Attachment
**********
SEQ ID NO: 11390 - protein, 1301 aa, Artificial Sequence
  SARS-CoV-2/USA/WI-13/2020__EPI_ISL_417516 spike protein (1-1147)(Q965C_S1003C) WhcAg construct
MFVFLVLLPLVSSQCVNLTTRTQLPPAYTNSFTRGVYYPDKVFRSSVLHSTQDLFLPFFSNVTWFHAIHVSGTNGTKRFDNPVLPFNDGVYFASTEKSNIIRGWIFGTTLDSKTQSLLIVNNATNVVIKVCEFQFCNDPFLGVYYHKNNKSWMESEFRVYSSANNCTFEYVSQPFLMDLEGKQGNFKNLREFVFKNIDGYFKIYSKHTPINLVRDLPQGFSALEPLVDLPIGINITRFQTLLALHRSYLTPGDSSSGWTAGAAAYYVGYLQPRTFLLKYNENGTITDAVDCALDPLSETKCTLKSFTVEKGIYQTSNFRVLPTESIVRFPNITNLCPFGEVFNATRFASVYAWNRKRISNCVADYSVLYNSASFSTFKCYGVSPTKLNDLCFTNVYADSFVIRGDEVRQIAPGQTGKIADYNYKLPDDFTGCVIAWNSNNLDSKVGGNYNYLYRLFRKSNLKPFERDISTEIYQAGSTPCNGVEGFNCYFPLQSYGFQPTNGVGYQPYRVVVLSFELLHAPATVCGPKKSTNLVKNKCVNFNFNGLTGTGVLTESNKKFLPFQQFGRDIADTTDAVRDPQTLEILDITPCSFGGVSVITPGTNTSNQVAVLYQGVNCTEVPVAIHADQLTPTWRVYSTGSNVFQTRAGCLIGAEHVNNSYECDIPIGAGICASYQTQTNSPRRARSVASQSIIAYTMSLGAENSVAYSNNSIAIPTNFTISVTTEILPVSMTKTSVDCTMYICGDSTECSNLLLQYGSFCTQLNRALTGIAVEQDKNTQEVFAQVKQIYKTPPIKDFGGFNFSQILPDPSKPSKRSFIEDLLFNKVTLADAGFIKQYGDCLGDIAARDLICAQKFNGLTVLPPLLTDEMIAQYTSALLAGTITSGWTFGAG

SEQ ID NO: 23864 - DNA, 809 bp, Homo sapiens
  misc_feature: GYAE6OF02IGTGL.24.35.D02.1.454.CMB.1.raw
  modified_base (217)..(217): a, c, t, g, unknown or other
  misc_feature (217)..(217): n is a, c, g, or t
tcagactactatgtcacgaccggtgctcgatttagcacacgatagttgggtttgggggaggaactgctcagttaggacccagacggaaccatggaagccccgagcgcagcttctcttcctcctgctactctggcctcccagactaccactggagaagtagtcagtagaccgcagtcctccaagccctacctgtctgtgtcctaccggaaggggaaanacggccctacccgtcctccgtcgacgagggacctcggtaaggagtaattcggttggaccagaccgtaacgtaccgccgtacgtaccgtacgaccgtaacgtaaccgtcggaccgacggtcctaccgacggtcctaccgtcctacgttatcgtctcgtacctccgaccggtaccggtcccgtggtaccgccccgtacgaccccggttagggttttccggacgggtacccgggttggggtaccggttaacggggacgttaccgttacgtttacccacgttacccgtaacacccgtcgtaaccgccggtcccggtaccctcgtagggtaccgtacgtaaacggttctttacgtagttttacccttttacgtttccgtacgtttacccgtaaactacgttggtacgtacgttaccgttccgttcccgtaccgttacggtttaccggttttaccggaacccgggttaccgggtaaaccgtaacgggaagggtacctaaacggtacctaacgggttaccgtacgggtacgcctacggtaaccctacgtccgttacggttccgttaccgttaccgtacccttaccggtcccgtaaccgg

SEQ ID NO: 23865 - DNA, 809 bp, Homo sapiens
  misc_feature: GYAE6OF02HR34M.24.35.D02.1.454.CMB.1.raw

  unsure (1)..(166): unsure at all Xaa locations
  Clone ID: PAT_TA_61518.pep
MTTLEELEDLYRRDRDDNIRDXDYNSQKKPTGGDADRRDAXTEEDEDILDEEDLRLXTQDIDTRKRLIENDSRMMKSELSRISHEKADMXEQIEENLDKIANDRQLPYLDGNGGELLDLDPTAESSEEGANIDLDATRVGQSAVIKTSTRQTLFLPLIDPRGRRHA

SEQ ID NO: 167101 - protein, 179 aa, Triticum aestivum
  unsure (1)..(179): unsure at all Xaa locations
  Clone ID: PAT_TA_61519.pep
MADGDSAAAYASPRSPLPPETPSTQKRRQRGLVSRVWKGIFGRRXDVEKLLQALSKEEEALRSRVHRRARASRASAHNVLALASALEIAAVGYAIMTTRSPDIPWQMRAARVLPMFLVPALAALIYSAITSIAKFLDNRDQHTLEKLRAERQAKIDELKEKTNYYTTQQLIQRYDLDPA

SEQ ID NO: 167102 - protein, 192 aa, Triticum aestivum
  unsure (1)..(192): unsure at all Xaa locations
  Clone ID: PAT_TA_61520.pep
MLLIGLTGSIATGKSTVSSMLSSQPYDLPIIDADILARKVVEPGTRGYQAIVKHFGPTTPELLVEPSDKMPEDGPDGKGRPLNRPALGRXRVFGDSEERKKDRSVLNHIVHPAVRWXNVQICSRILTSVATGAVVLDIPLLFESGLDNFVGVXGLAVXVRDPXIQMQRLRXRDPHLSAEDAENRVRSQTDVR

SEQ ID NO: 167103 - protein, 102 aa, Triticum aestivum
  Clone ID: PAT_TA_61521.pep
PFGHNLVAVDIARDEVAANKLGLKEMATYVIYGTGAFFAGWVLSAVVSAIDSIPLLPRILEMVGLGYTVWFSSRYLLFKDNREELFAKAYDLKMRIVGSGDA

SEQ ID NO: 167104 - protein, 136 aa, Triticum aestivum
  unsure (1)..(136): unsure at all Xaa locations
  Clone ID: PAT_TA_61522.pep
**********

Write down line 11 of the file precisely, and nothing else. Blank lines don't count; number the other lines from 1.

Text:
  unsure (1)..(166): unsure at all Xaa locations